At a recent library storytime, the children, parents, caregivers and I had lots of fun reading new picture books, but I was reminded yet again about the power of old favorites.
“Yum, Yum, What Fun” by Mara Bergman starts out with two friends and their little dog Harry baking bread, when who should come clomping in through the window but a crocodile!
He hides behind a lamp so the children can’t see him, but soon enough a camel clumps in, then a snake, and finally a bear, all drawn in from the neighboring zoo by the delicious aromas wafting from the kitchen.
Bergman’s rhyming text bounces along at a great clip, and the children loved pointing out – okay, calling out in excited voices – the name of each animal as it arrived. We were all relieved when the bear turned out to be hungry not for children or dogs but for bread. Preschoolers who enjoy this book will also like Bergman’s “Snip Snap! What's That?” starring a crocodile that’s scary, but not too scary.
Another new rhyming book, Phyllis Root’s “Flip, Flap, Fly!”, was a bit of a tongue twister that also evoked excited guesses from the children. “…in the blue, blue sky,/where the wind blows whish./'Look!' cheeps the baby bird./'I see a…” Here I paused for the children to guess the answer, then turned the page to reveal a “FISH!'" A succession of baby otters, mice and snakes ends with the creatures spotting a baby child, prompting a double page spread showing all the babies outside enjoying the sunshine.
Picture books like this that rhyme in a predictable way help build the foundations of early literacy. They are also just plain fun to read aloud. If your children enjoy this one, try “Oh, A-Hunting We Will Go!” by John Langstaff, which is also fun to sing.
Two of the stories were familiar to almost every child in the room, but they greeted them with glad cries. Of the many picture book versions of “The Three Bears,” Paul Galdone’s edition remains a favorite for its sturdy storytelling language and big, colorful illustrations. Children loved to chime in on the repeated phrases like “Someone’s been sitting in my chair!” When Goldilocks jumped out the window at the end of the story, everyone chorused “and she never visited the three bears A-GAIN!”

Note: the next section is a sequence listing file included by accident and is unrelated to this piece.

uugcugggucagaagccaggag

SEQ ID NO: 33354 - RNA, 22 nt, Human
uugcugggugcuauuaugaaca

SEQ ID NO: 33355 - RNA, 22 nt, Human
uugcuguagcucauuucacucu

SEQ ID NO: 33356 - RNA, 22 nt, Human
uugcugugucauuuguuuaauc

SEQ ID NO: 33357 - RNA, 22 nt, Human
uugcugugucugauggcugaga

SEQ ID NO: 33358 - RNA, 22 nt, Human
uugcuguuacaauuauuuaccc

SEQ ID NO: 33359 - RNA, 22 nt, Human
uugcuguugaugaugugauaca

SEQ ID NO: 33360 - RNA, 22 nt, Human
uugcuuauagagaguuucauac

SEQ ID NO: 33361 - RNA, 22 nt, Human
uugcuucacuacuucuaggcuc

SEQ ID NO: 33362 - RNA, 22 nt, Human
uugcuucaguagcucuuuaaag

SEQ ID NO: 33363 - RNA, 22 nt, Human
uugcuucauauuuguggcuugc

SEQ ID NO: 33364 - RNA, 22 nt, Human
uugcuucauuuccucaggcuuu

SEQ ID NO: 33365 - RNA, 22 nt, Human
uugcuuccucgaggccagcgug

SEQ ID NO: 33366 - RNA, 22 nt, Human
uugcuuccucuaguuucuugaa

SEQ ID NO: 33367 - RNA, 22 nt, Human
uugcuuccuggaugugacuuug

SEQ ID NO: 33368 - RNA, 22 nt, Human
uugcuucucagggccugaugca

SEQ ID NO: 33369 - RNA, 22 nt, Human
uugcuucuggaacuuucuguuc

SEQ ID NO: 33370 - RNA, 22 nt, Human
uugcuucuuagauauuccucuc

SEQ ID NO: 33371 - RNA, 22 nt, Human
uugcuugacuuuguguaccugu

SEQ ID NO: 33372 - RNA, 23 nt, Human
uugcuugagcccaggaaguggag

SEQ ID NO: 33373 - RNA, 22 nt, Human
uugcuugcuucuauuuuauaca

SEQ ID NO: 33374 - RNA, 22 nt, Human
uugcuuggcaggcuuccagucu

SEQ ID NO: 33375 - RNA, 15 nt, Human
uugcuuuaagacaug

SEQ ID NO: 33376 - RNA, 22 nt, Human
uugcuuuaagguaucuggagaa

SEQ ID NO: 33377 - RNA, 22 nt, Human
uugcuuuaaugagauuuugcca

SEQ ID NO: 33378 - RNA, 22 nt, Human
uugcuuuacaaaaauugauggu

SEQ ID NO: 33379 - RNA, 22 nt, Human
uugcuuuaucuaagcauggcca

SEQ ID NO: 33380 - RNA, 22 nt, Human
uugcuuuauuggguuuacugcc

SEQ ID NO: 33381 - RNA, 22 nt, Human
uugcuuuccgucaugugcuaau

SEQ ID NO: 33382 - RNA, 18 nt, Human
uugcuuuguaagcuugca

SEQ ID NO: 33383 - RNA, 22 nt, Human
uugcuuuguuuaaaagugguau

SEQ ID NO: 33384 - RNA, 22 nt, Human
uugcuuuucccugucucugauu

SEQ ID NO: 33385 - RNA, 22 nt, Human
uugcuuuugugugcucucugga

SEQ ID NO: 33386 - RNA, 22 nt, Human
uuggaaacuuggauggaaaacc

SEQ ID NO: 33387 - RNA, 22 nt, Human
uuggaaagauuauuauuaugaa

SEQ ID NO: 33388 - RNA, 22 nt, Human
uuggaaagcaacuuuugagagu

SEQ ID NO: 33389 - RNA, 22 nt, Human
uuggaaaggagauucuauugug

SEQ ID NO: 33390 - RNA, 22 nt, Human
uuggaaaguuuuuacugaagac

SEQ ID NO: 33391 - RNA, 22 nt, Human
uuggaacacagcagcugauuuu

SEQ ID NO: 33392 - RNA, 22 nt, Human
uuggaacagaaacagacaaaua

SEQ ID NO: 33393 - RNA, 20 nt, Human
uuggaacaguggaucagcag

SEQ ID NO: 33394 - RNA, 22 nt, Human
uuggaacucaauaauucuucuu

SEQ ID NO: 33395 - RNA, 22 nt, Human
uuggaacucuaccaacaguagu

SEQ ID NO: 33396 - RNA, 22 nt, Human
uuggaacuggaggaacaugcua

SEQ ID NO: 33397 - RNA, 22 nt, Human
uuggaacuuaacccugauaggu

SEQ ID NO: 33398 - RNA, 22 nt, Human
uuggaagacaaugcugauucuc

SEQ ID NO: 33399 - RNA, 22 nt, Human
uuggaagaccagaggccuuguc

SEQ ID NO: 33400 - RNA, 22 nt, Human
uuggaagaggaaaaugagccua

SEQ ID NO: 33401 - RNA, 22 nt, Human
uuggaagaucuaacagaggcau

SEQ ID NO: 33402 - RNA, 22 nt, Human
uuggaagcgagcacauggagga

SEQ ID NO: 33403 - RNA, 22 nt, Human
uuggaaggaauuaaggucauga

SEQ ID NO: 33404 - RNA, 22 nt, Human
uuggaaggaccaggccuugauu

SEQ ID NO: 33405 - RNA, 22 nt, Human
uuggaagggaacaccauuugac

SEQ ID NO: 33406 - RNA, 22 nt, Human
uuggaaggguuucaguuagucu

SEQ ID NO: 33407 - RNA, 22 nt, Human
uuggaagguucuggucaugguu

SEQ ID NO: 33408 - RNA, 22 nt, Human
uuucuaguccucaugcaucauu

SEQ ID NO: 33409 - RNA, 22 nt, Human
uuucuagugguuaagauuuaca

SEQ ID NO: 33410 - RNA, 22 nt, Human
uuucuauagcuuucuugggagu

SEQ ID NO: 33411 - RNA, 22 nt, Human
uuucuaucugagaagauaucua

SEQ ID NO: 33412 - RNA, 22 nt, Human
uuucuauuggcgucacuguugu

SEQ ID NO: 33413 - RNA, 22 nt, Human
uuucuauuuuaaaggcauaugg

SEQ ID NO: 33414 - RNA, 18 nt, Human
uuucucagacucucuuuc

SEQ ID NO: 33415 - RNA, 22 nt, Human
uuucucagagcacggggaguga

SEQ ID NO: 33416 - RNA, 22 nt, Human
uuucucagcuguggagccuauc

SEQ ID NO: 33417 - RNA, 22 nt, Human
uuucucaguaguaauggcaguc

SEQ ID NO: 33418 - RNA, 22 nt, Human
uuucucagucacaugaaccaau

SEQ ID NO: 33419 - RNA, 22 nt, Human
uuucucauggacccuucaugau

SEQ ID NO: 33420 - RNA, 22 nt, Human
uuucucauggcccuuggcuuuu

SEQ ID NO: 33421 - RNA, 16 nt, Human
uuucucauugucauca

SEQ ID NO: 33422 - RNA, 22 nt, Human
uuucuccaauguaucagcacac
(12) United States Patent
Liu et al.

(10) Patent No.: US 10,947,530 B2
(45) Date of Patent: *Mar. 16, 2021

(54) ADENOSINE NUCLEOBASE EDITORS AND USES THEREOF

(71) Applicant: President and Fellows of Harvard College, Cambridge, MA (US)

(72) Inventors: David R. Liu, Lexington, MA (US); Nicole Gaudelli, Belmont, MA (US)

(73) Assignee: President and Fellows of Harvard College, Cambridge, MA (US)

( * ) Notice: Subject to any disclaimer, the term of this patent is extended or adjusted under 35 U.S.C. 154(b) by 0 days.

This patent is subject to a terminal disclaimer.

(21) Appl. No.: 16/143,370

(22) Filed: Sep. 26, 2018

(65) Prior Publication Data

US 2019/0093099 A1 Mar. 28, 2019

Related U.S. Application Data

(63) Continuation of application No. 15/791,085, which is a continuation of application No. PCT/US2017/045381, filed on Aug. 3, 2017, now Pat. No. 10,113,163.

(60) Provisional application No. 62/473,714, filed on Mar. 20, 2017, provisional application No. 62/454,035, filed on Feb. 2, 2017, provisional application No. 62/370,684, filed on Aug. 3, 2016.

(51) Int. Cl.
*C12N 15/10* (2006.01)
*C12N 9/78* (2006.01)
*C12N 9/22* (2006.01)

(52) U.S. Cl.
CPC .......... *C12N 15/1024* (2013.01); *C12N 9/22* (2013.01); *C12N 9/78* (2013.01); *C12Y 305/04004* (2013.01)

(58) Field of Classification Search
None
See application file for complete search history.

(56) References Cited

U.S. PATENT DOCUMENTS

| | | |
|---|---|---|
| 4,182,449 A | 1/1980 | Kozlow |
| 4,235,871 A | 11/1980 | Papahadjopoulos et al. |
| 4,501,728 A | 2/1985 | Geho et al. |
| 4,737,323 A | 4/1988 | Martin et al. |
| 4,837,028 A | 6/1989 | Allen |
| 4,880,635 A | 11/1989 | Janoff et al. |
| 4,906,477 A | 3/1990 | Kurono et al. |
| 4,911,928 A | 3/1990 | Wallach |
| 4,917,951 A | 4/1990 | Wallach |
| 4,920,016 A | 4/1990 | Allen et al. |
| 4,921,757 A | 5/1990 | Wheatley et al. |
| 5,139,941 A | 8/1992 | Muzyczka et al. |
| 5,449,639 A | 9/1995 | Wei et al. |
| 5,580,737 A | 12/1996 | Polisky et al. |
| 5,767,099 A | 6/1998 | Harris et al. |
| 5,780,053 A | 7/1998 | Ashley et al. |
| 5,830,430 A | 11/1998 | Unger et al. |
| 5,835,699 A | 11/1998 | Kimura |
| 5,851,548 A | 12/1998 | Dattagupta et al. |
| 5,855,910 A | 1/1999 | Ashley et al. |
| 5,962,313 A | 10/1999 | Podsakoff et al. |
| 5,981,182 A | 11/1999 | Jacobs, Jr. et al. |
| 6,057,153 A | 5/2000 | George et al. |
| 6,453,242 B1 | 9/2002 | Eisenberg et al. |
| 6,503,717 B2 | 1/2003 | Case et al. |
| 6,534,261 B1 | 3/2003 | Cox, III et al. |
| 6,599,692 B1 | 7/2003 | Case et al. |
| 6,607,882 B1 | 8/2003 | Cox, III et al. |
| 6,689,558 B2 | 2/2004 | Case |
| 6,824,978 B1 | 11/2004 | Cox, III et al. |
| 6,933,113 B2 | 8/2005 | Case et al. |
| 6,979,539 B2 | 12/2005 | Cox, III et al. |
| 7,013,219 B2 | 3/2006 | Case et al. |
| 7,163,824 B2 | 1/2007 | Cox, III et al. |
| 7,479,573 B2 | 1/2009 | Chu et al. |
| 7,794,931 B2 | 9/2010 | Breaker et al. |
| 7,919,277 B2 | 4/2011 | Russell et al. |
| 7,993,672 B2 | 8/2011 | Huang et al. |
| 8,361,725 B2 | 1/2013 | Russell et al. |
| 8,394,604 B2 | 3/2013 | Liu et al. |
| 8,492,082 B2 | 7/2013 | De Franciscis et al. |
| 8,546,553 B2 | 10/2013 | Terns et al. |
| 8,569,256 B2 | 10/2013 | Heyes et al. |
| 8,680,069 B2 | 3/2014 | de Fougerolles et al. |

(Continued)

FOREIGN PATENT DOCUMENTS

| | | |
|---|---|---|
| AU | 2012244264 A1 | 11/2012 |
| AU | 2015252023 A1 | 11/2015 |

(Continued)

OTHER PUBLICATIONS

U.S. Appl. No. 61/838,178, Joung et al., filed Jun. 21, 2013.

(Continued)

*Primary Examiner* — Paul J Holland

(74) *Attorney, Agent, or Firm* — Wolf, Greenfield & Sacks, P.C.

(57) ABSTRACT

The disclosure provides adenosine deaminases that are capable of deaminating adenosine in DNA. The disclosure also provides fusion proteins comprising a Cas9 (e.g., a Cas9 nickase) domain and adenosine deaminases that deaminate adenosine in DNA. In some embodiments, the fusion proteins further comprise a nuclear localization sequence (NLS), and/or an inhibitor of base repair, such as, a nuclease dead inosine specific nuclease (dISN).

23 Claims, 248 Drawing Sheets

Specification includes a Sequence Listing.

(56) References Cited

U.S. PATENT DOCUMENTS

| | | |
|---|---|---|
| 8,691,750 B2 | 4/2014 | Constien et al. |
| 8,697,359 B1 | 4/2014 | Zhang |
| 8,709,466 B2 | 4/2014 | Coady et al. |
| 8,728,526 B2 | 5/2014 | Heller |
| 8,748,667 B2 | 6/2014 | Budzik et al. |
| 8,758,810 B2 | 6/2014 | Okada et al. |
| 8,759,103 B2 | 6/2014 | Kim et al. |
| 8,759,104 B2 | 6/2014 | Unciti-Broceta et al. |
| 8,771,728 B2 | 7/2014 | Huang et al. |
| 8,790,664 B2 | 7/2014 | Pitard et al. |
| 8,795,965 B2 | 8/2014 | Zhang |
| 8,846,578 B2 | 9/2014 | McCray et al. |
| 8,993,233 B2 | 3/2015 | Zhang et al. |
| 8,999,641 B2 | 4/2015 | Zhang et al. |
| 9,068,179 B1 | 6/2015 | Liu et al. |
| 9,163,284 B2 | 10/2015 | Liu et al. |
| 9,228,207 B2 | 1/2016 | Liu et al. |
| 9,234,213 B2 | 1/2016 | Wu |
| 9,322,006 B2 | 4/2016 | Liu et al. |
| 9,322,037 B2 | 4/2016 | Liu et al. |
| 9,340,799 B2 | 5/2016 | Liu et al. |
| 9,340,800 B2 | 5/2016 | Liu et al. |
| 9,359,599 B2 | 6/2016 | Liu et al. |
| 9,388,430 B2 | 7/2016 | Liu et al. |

Helen Oxenbury’s watercolor illustrations for Michael Rosen’s “We’re Going on a Bear Hunt” have a dreamy quality that fits the rhyme perfectly. There are many versions of this classic, with its refrain, “We can’t go over it, we can’t go under it, oh, no! We’ll have to go through it!” In this one, a daddy and several children walk through the grass, squelch through mud, ford a river and tiptoe into a cave where they find a great big bear. After everyone has breathlessly retraced their steps and landed safely in their warm beds, turn the page to see the bear, his back to the reader, walking alone along a rocky beach. It’s a slightly mournful yet perfect end to the story.
These books were shared at Alphabet Soup, the library’s drop-in storytime for ages two to five (though our audience last week ranged from babies up through about age eight). You can find the schedule for this and other fun, free storytimes at all library branches at LibraryPoint.org.
This article was first published in The Free Lance-Star on 7/28/09.